March 2004


MIAMI, March 1/PRNewswire/ - TIAA-CREF, the premier retirement system for higher education and research employees, today announced Barnard College is the recipient of the 2004 Theodore M. Hesburgh Award, which recognizes innovative undergraduate faculty development programs. The independent liberal arts college for women will be honored during a special presentation today at the American Council on Education's annual meeting in Miami Beach, Florida.

Established in 1993 by TIAA-CREF to recognize faculty development programs that enhance undergraduate teaching and learning, the Hesburgh Award is named in honor of Rev. Theodore M. Hesburgh, C.S.C., president emeritus of the University of Notre Dame.

Barnard College was chosen as this year's Hesburgh winner for it's innovative education program, Reacting to the Past, which challenges students through intense role-playing games to debate the ideas and politics of great figures from the past, such as Socrates and Gandhi.

"We are proud to honor Barnard College for its innovation in undergraduate teaching and its long tradition of excellence in liberal arts and sciences education for women," said Herbert M. Allison, Jr., Chairman, President and CEO of TIAA-CREF. "Our company's service to higher education affords us the opportunity to recognize the truly innovative work being done on campuses and in classrooms."

Judith R. Shapiro, President of Barnard College, accepted the award at today's ceremony: "We are truly honored to accept the Hesburgh Award, and proud to be recognized for this creative initiative to help our students more fully understand civilizations and peoples far different from their own."

Nine judges with highly distinguished backgrounds in higher education reviewed the entries and unanimously selected Reacting to the Past as the winner.

Reacting to the Past

Founded in 1995 by Mark C. Carnes, Barnard Professor of History, Reacting to the Past began as a way of breathing new life into Barnard's first-year general education seminar. Carnes had grown dismayed by his students' failure to engage with important historical texts, and reconfigured his seminar as a series of elaborate month-long role-playing games whose rules replicate pivotal historical moments. During the games, students were assigned roles dealing with turning points in history, such as Athens' defeat following the Peloponnesian War and India's attainment of independence in 1945.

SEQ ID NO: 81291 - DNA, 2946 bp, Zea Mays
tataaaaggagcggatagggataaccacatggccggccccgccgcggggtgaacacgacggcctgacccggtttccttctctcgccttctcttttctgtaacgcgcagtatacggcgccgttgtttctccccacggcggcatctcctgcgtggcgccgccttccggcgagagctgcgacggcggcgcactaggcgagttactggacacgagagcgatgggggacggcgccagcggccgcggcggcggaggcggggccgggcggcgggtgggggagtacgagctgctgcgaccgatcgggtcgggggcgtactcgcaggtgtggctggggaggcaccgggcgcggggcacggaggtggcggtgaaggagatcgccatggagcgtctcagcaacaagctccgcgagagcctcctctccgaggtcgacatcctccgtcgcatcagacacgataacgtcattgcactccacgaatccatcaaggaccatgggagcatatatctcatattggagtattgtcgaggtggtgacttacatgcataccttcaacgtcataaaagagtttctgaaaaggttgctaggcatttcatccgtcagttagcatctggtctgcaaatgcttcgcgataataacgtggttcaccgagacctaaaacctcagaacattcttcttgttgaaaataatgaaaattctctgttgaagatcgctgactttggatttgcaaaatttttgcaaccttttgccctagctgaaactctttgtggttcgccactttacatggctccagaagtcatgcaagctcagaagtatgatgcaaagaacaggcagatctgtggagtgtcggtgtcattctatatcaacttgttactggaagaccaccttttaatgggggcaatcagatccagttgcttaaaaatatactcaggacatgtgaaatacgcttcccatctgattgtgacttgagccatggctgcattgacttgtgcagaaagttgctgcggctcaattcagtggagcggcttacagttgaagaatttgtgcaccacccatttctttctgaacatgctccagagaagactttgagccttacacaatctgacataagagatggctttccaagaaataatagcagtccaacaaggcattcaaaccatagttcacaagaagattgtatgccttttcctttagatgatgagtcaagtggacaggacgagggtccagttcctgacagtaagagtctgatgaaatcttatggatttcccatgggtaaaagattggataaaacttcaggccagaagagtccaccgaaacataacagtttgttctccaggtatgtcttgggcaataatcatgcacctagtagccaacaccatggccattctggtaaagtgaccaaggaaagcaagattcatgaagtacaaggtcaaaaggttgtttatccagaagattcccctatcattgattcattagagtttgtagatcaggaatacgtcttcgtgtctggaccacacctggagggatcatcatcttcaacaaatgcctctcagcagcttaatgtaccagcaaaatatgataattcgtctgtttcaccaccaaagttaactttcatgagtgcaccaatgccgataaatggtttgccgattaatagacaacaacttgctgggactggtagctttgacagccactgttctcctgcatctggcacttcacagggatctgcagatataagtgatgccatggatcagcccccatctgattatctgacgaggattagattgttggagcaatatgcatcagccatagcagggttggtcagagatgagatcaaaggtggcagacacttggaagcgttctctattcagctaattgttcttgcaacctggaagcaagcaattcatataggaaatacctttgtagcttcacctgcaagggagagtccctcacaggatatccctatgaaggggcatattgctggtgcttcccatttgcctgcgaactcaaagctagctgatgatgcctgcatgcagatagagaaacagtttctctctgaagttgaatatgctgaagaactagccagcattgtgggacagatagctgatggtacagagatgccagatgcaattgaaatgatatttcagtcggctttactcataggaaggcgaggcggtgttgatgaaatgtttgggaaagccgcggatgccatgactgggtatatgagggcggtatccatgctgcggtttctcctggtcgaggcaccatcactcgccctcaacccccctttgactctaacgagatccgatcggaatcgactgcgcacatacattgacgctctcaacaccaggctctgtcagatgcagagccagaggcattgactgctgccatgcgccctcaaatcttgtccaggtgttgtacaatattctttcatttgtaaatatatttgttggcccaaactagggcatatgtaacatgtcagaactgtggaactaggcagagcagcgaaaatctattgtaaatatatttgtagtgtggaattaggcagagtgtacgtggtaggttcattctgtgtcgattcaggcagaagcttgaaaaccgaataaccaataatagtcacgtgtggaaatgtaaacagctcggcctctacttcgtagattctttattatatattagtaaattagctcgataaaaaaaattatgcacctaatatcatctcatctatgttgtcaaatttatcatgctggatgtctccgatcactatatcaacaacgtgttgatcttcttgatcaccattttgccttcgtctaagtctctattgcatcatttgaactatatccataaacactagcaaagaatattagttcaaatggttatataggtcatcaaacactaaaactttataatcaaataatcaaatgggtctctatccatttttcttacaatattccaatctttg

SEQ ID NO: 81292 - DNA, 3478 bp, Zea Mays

The program was such a success on campus that more than a dozen Barnard faculty members adopted it for their own first-year seminars. Evaluations of the program concluded that Reacting students were found to have acquired considerably stronger speaking skills and a heightened ability to empathize with different cultures and peoples. In addition, Reacting students experienced a statistically significant increase in grade-point average in subsequent years.

"I found that the program generates an astonishing intensity that spills into the dorms after class," said Carnes. "It appeals to the students' imagination while challenging them emotionally and intellectually."

The success of Reacting to the Past isn't going unnoticed by Barnard College's peers either. Over the last two years faculty and administrators at colleges nationwide have adopted the program for their students as well. In fact, Reacting to the Past has become so popular that colleges in Connecticut, Georgia, Iowa, Massachusetts, New York and Texas have formed a consortium with Barnard to share ideas and results.

Hesburgh Certificates of Excellence Winners

In addition to the Hesburgh Award winner, two institutions were selected to receive Theodore M. Hesburgh Certificates of Excellence for meritorious faculty development programs. They include:

* Fiorello H. LaGuardia Community College of the City University of New York (CUNY) for Designed for Learning, a program created to help faculty use interactive digital technology to engage students; advance their academic success; and enhance their ability to work, think and lead.

* UCLA, for its Freshman Cluster Program, which helps new students gain the academic skills and broad perspective needed to succeed in a large research university.

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